Adding Boise State to the conference is a game-changer (Photo by Otto Kitsinger III/Getty Images)
Well, okay then. If that's the stance the Big East is taking, fine. But before we delve into this expansion stuff, this doesn't justify the conference in saying that Pitt, Syracuse, and later, West Virginia, were wrong to leave.
It's not the teams they added - in my opinion, the Big East did a heck of a job to make itself relevant in football (Basketball? We'll get to that in a bit) - it's the fact that it took so darn long. Had the Big East made this type of move earlier this year, we'd be talking about just how much better the conference would be (and more on that in a separate post).
The fact remains that the conference drug its feet and instead of having a dramatically improved league, the Big East is fighting just to stay alive. And if you think this is the end of Big East expansion and everything is fine from here on out, think again. I happen to agree with this sentiment in that UConn would still bolt for the ACC given the chance and believe others could be swayed elsewhere.
Even UConn threw out the cryptic quote about not currently being in discussions ('currently' being the operative word):
"UConn is not in discussion with any other athletic conference officials at this time," she said. "We have not, in my time at the Big East, discussed any time commitments for institutions."
But that's another story for another time ...
Okay, so let's look at the moves.
The Big East has gone nationwide literally overnight. With the addition of Houston, SMU, Boise State, San Diego State, and Central Florida, the conference's reach goes from east to west.
My opinion? I think the Big East did as good of a job as it possibly could have.
In Boise State, they've added a perennial top ten team. Houston had a great season and the others have had good years in recent memory. I won't go as far as Rick Pitino, who thinks the football side is better - Pitt's struggles this season notwithstanding, losing the Panthers and West Virginia (Syracuse? Well, okay ... got me there), but I do think it's not a huge step down.
I've read a lot today about how adding those schools makes the football side considerably stronger, but the easy thing to forget is that eight wins in C-USA isn't exactly the same thing as eight wins in the Big East. Let's see how those teams do with playing a slightly tougher schedule.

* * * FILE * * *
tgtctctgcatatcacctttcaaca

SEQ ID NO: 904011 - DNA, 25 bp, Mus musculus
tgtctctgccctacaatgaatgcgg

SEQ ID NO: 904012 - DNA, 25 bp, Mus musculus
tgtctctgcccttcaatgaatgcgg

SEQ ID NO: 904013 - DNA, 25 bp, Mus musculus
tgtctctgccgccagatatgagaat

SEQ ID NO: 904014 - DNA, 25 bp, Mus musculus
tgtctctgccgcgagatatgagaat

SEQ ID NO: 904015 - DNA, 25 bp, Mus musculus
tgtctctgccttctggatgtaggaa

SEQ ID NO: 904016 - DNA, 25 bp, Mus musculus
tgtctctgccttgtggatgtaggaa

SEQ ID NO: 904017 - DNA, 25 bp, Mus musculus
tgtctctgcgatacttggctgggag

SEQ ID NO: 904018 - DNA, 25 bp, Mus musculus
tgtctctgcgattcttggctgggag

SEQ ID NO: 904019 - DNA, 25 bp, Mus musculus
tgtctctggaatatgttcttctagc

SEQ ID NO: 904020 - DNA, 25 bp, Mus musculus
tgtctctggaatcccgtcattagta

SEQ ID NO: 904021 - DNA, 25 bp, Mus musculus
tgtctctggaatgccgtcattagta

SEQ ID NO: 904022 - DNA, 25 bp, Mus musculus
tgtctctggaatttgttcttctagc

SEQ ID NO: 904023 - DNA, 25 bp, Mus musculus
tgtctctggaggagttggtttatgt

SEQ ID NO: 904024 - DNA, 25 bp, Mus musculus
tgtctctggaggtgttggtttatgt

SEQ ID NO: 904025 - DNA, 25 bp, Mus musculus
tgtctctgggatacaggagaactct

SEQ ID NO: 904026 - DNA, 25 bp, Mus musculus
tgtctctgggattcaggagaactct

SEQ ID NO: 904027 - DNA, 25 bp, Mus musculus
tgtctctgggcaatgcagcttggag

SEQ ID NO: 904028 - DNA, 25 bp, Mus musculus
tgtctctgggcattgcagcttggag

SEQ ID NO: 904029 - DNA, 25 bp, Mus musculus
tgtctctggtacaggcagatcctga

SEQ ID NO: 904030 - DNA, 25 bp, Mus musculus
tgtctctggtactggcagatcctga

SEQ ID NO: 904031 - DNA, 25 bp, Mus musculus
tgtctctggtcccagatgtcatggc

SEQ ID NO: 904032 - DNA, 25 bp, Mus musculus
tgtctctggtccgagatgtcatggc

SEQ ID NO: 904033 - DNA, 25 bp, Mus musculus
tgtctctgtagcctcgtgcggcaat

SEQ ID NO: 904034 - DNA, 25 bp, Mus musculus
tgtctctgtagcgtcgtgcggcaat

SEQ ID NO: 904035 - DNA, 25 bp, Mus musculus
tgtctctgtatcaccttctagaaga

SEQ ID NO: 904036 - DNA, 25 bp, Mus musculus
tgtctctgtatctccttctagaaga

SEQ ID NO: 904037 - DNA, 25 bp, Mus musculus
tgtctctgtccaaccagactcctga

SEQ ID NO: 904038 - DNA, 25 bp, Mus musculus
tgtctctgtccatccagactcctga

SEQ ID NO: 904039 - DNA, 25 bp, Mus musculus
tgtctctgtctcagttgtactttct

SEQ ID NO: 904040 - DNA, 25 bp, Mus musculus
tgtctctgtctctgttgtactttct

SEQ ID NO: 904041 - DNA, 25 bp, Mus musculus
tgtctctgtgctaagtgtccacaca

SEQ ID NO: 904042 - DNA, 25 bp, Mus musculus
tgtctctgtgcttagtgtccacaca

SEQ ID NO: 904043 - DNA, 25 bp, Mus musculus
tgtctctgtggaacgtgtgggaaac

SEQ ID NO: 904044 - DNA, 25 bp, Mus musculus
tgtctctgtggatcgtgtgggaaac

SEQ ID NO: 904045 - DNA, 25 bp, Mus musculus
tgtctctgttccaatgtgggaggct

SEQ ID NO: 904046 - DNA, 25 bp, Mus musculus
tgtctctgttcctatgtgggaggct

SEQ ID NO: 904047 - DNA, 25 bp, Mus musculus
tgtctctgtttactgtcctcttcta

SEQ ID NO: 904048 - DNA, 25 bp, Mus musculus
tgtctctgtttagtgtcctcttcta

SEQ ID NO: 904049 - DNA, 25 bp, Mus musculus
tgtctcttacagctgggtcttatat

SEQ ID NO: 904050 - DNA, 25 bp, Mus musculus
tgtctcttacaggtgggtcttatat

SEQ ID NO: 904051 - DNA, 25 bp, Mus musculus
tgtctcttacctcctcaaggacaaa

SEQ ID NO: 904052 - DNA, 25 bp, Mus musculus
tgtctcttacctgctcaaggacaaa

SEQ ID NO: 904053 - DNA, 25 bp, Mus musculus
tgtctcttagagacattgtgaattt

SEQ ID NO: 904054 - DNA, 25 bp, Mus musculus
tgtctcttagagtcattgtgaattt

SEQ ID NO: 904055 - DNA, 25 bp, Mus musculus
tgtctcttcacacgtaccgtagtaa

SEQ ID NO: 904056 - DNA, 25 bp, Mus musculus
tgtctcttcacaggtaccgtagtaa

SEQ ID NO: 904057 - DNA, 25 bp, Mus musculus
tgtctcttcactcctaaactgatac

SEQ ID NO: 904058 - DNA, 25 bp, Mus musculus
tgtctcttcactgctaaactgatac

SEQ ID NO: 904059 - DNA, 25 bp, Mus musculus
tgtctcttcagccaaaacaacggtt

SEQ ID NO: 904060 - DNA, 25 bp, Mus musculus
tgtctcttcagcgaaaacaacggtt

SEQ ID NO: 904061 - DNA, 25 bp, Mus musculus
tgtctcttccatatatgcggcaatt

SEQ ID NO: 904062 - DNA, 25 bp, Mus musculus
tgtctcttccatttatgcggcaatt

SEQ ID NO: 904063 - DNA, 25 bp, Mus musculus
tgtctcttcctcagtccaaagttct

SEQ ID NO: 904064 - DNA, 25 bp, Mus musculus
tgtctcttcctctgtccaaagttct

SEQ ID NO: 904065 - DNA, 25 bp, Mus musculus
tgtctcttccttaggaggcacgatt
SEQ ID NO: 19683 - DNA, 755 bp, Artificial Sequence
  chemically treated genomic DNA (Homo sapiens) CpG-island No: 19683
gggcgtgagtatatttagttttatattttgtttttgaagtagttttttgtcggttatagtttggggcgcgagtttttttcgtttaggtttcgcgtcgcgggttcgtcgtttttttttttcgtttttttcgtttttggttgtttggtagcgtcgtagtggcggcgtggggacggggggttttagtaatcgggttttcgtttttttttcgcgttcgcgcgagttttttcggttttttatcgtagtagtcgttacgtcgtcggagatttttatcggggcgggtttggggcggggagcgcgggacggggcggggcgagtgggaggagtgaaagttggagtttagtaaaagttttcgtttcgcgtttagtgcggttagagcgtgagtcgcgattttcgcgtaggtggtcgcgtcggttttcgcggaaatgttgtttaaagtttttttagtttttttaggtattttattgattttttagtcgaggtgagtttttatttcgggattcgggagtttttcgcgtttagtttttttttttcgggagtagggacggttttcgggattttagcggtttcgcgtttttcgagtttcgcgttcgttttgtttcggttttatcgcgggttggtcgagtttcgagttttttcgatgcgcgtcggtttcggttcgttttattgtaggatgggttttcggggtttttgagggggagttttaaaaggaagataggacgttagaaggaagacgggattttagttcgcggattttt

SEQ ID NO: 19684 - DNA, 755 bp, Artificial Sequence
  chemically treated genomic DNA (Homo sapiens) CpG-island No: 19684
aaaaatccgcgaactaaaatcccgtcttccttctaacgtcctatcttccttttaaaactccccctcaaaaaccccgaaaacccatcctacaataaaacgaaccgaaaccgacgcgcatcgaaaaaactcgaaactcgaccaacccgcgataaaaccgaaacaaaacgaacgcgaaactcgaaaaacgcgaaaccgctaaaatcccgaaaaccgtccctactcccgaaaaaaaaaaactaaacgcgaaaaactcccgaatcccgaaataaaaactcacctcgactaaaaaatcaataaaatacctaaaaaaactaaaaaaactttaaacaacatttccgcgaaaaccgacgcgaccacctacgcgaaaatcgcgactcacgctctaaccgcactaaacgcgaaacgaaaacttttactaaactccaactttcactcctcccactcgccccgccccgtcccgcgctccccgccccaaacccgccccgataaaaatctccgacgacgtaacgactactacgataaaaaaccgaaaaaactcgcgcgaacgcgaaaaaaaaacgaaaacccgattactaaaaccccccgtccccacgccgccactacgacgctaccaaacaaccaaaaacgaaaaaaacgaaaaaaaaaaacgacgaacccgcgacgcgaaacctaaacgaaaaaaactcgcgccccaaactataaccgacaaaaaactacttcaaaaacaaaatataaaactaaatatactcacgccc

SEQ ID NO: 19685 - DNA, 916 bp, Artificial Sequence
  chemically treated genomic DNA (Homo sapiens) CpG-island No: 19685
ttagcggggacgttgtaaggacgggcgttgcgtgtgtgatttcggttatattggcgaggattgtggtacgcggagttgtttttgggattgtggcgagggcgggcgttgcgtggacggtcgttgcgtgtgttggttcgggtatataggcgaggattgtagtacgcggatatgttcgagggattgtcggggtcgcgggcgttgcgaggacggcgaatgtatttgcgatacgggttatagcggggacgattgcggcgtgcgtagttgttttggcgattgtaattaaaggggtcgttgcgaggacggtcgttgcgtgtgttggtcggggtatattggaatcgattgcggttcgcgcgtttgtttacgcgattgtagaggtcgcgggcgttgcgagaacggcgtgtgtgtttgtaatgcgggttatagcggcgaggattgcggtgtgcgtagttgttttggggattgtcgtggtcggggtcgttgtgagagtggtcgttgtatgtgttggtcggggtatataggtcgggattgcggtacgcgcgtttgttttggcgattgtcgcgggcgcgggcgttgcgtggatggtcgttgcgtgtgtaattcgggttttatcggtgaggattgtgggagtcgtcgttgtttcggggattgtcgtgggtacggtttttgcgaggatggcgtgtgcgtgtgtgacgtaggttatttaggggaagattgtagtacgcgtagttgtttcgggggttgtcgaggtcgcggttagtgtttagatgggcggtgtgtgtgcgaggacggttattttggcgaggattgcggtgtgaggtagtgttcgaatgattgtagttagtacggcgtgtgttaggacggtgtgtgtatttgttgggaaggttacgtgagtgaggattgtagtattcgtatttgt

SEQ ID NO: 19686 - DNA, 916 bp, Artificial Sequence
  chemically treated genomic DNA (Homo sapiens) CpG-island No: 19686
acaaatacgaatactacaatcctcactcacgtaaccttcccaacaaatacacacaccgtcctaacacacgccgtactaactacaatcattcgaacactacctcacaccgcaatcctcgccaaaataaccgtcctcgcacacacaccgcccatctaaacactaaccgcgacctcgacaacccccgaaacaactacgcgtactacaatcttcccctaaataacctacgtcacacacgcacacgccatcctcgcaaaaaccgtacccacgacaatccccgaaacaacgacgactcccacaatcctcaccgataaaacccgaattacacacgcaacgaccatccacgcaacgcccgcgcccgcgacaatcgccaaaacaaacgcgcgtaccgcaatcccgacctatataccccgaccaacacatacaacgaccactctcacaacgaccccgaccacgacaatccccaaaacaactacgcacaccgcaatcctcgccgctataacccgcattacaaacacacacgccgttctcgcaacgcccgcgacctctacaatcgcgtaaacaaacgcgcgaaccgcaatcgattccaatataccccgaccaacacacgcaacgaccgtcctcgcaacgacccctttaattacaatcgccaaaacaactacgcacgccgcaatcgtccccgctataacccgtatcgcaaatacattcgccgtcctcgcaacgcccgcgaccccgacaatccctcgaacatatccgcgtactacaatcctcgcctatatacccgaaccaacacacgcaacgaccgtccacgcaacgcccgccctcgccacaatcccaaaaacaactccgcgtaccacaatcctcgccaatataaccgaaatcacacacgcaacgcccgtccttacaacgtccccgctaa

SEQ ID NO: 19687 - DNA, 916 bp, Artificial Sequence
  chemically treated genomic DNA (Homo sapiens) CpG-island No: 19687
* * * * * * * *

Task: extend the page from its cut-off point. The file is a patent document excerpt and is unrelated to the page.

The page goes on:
Still, adding a team like the Broncos is really a game-changer since they've been so good for so many years now. In a nutshell, I like the moves for football.
Basketball? Not so much. Adding Central Florida, SMU, and Houston for hoops really diminishes the conference in my opinion. I understand you've got to give a little to get a little, but adding those three basketball programs does absolutely nothing to even begin to replace Pitt, Syracuse, and West Virginia. Not only are the Panthers, Orange, and Mountaineers leaving, but the Big East is adding three insignificant programs. That's a double whammy to a degree and really just adds fluff without any substance.
ESPN.com Big East blogger Andrea Adelson is less than impressed by the recent additions. I get that the conference still isn't all that stable, but as I've argued before, the Big East can at least now afford to lose a few more teams if it came to that now. Such a loss is far from ideal, but with these teams, the conference can still survive. And while I understand her concern about the lack of rivalries and there being no geographical rhyme or reason, I think this is the new standard. Conferences have been moving away from this and it's only going to get worse. Complaining about that is a bit short-sighted.
Then, there are the teams that aren't coming in. We already went over BYU a short time ago. Navy isn't making the move due to a few obstacles, including schedules and bowl tie ins. And Air Force has decided (or had it decided for them ... whatever) that they're staying in the Mountain West. Then there's East Carolina. I personally thought they would be a good school to add and said as much in prior posts, but no such luck for them.
So now that this has gone down, does this mean Pitt and Syracuse could get out early?
Syracuse athletic director Daryl Gross thinks it's possible:
"I would think that things could possibly change, and of course I'm not in the Big East meetings so I don't know. I think it's in everyone's best interest to move on as soon as possible because you're trying to create structures and new cultures and those types of things."
But for now, the conference will have 19 basketball teams for the 2013-14 season.
Welcome to the new Big East.